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Posted September 18, 2013

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Policing

Report recommending changes to the police complaints system released

TORONTO – Greater transparency, better communication and increased accountability are needed to improve the police complaints system, says a report from the Ontario Police Complaints Forum, released today at Scadding Court Community Centre (SCCC).

The report, "Perspectives from the Community, Police and Policy-Makers" is the result of two days of meetings held in Toronto last November. About 150 delegates from 60 organizations and nine police services from across Ontario met and made a number of recommendations that focused on how to improve the police complaints system, and specifically the role and function of the Office of the Independent Police Review Director (OIPRD).

"One of the main findings to come out of discussions at the forum is that all stakeholders– government, the public, and law enforcement–need to be accountable in order for the system to be most effective," said Professor Jennifer Schulenberg of the University of Waterloo, and co-author of the report. "A greater understanding of roles and responsibilities within the police complaints system and increasing accessibility for the public is integral in order to move forward."

SCCC hosted an expert panel today in partnership with the University of Waterloo to launch the final report and its recommendations.

“Scadding Court and a number of organizations across the city and province have been working together to transform the system since 2003," said Kevin Lee, executive director of SCCC. “Scadding Court will continue to work with others to make the system more accessible, particularly to under-represented groups, while providing on-the-ground programs and services to improve local community-police relations."

“The OIPRD is a very important part of the police oversight system. I am so glad that such a thorough and thoughtful report has been done so community will have a good path forward," says Tam Goossen, vice-president of the Urban Alliance on Race Relations.

“Safe communities need human rights, equity and mutual respect at all levels. People need to be sure that if discrimination and harassment take place in a police force, they are dealt with. I believe the recent decision to hear cases of discrimination and harassment through both the police complaints process and before the human rights tribunal, if needed, is a big step in the right direction”, said Barbara Hall, Chief Commissioner of the Ontario Human Rights Commission.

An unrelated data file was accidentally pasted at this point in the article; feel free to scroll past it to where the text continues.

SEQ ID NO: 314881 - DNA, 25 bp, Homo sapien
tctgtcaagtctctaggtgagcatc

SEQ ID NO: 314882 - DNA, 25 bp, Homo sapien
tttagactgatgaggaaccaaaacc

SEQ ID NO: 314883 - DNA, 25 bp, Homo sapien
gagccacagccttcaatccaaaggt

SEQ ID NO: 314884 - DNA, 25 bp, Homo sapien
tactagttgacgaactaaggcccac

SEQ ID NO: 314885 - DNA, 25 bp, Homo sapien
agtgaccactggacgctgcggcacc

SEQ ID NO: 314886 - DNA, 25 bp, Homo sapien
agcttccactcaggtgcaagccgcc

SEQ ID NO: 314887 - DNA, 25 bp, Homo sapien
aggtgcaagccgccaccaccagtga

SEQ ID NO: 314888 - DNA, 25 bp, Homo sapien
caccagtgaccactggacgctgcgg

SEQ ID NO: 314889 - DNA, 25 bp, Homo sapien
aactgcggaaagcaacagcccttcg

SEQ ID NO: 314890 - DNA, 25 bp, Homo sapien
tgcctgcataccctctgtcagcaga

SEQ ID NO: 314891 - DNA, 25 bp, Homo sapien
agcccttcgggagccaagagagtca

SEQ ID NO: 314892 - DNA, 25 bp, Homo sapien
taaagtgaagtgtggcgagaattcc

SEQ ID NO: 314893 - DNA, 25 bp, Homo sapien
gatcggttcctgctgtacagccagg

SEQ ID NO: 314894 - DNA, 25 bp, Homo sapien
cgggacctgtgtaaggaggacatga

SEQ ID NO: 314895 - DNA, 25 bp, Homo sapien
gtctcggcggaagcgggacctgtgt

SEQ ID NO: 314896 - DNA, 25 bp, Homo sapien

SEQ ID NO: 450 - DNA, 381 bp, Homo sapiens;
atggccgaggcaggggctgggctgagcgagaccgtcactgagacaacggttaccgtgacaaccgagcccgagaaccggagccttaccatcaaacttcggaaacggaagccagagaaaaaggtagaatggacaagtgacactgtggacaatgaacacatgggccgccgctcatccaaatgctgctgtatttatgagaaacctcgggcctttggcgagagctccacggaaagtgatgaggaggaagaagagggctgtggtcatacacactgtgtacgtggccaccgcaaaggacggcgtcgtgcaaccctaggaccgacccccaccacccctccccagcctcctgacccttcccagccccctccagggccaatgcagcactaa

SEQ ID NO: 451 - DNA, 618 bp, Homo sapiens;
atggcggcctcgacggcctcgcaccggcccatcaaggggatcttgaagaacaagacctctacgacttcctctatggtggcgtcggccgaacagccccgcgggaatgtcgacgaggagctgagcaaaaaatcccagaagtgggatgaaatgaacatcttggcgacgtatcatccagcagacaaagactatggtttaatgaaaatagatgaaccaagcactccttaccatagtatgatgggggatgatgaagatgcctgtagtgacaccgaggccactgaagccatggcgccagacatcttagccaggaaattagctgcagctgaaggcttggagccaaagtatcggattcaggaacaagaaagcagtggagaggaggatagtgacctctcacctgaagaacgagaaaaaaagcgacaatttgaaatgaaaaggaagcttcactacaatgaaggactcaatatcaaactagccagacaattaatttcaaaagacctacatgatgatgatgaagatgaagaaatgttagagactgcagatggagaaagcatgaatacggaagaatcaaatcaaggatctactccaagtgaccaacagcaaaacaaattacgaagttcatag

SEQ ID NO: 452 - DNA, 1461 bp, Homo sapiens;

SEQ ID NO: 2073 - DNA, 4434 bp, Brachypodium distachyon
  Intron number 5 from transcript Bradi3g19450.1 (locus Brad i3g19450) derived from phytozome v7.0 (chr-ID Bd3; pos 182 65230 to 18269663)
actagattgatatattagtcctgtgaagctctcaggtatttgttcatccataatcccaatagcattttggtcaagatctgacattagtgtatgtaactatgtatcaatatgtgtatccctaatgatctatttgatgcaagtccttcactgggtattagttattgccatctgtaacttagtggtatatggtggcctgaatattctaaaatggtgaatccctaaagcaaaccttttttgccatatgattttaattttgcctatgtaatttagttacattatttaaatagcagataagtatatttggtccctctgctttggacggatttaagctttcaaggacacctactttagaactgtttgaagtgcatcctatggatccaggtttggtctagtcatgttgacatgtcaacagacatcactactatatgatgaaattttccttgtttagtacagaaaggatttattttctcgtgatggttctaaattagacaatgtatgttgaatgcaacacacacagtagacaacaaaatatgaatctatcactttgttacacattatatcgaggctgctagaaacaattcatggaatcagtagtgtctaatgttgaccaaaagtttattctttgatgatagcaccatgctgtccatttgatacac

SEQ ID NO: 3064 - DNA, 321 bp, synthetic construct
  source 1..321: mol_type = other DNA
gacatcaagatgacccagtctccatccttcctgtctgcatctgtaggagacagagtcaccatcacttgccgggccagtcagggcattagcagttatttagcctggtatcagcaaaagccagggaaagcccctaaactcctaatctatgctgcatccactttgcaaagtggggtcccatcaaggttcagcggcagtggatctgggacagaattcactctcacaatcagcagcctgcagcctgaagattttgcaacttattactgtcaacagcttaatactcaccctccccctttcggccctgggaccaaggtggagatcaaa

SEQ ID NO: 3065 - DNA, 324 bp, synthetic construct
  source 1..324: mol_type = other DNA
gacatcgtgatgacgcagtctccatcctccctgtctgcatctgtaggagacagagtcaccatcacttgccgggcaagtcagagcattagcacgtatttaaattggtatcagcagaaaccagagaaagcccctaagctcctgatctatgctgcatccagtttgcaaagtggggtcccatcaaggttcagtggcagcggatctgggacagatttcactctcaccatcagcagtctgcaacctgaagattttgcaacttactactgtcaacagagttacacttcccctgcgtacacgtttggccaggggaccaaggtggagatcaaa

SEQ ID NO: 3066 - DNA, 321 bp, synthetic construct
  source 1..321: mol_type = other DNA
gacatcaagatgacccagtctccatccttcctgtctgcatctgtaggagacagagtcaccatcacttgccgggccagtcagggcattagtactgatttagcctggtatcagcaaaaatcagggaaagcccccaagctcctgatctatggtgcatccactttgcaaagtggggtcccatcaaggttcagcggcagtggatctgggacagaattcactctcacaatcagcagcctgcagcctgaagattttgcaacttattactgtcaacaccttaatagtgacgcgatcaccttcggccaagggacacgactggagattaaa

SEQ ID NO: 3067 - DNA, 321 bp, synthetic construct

The panel, “Future Directions for the Ontario Police Complaints System: Recommendations from the Community, Police and Policy-makers," featured key speakers Tam Goossen, vice-president of the Urban Alliance on Race Relations; Chief Commissioner Barbara Hall of the Ontario Human Rights Commission; Alok Mukherjee, chair of the Toronto Police Services Board; and Assistant Professor Jennifer Schulenberg, University of Waterloo.

Professor Schulenberg received a Public Outreach Grant from the Social Sciences and Humanities Research Council to fund this initiative. The City of Toronto and the Law Foundation of Ontario also supported the project. The Ontario Police Complaints System Forum: Perspectives from the community, police and policy-makers was held in Toronto on November 26 and November 27, 2012. Co-chaired by SCCC and the University of Waterloo. For more information or to view a copy of the final report, please visit: http://www.scaddingcourt.org/pdflibrary/2013police-forum-report.pdf

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